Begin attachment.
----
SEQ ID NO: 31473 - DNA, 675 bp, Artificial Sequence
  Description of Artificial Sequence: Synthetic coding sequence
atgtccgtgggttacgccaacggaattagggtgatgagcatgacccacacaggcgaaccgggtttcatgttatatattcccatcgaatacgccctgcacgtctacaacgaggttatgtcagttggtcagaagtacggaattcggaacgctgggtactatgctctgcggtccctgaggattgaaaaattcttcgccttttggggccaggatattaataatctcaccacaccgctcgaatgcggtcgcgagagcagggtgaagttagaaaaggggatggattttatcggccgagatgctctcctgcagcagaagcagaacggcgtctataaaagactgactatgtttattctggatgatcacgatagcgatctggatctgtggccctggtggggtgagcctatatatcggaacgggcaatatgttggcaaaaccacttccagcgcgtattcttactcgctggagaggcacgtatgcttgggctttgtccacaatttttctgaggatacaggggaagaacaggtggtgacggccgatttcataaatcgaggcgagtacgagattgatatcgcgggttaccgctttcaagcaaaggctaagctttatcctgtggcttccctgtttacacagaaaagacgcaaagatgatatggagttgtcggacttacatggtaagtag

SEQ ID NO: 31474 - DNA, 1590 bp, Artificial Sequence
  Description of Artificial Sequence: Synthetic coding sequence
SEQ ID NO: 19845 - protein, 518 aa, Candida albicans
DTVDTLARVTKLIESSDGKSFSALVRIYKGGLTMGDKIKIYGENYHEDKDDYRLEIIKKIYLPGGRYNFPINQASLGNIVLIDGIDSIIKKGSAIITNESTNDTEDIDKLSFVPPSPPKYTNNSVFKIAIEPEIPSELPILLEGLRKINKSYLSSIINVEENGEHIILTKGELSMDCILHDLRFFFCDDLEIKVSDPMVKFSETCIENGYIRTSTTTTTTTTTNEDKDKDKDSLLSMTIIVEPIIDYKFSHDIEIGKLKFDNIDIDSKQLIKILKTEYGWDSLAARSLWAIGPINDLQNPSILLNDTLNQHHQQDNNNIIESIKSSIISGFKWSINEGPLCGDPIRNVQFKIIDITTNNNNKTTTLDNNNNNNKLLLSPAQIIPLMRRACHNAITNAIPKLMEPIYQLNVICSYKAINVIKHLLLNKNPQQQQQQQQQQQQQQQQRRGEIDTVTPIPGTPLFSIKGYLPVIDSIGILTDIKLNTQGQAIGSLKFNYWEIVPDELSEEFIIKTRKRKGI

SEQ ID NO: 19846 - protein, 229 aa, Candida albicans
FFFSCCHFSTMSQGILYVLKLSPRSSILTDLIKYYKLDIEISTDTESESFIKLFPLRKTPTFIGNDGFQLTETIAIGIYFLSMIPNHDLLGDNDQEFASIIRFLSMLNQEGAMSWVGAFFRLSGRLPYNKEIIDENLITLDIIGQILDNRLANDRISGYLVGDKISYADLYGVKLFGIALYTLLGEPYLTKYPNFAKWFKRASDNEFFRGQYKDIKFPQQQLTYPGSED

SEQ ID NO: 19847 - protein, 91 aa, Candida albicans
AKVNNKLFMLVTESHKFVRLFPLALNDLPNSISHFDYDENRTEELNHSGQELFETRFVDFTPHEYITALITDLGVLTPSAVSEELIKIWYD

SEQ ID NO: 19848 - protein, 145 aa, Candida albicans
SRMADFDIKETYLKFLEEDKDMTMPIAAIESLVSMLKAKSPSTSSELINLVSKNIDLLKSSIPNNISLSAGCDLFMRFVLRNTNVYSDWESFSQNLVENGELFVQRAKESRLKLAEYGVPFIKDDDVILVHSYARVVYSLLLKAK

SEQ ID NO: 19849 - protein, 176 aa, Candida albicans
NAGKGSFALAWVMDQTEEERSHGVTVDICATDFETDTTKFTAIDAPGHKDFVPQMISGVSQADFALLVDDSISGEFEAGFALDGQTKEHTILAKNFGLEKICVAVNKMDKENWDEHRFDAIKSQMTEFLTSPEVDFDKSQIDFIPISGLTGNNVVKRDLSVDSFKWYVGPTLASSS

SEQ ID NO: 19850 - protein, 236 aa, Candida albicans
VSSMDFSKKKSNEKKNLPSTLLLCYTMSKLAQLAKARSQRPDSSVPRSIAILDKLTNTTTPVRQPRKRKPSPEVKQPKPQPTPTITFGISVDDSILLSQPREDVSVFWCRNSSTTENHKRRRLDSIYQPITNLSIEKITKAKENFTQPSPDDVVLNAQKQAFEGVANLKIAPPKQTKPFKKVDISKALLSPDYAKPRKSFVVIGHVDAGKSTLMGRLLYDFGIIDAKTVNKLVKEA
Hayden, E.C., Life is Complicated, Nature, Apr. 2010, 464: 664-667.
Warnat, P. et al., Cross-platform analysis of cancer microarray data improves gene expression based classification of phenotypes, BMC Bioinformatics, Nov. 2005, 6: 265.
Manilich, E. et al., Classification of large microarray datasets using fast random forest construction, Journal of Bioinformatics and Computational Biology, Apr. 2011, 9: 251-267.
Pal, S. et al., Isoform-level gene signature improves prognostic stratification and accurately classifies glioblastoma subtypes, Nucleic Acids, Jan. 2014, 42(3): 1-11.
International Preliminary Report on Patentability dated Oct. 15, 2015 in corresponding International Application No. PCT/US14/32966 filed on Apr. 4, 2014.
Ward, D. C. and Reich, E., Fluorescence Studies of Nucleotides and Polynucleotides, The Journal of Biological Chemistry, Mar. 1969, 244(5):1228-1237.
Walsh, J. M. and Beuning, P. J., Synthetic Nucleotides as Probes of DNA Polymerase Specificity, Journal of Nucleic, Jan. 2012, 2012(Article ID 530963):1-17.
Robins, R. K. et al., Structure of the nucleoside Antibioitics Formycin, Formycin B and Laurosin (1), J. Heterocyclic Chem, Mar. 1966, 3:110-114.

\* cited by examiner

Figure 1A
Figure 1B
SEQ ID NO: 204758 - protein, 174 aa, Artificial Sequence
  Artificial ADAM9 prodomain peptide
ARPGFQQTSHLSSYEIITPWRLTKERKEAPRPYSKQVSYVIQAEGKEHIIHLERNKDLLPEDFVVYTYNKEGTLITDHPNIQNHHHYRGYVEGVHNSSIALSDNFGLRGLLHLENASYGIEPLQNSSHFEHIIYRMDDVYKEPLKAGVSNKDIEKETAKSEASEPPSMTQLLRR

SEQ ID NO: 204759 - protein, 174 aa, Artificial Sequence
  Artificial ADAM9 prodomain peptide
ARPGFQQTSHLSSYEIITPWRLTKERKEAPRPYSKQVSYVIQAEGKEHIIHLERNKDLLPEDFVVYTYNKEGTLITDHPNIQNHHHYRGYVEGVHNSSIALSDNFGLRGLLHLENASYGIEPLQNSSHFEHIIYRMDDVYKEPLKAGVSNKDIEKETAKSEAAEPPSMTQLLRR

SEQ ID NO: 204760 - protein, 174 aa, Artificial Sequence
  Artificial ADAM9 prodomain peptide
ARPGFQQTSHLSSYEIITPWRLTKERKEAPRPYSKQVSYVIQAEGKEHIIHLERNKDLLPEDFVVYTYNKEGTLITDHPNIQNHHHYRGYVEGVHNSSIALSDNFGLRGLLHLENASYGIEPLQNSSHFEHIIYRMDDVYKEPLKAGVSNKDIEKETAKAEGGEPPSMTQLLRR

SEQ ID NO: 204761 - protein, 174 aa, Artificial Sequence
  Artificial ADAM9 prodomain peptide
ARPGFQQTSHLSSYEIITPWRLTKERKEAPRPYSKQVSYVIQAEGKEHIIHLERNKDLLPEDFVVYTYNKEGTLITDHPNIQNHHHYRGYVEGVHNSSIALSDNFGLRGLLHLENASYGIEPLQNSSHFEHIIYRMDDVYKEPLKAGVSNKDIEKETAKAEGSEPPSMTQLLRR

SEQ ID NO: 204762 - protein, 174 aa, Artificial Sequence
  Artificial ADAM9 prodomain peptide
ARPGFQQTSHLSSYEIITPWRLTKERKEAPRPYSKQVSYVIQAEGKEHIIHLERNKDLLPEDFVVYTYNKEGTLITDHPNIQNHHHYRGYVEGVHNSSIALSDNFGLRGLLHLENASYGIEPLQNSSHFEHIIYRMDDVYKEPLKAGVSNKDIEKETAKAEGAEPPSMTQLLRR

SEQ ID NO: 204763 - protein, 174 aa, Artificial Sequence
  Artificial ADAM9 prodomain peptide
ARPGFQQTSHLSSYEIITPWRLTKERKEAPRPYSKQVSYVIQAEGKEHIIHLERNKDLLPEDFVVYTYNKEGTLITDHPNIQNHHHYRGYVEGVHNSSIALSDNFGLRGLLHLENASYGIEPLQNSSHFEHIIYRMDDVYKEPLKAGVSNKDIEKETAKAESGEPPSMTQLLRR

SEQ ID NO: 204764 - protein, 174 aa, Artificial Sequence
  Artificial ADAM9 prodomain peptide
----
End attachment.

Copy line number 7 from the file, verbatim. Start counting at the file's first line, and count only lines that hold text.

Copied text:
DTVDTLARVTKLIESSDGKSFSALVRIYKGGLTMGDKIKIYGENYHEDKDDYRLEIIKKIYLPGGRYNFPINQASLGNIVLIDGIDSIIKKGSAIITNESTNDTEDIDKLSFVPPSPPKYTNNSVFKIAIEPEIPSELPILLEGLRKINKSYLSSIINVEENGEHIILTKGELSMDCILHDLRFFFCDDLEIKVSDPMVKFSETCIENGYIRTSTTTTTTTTTNEDKDKDKDSLLSMTIIVEPIIDYKFSHDIEIGKLKFDNIDIDSKQLIKILKTEYGWDSLAARSLWAIGPINDLQNPSILLNDTLNQHHQQDNNNIIESIKSSIISGFKWSINEGPLCGDPIRNVQFKIIDITTNNNNKTTTLDNNNNNNKLLLSPAQIIPLMRRACHNAITNAIPKLMEPIYQLNVICSYKAINVIKHLLLNKNPQQQQQQQQQQQQQQQQRRGEIDTVTPIPGTPLFSIKGYLPVIDSIGILTDIKLNTQGQAIGSLKFNYWEIVPDELSEEFIIKTRKRKGI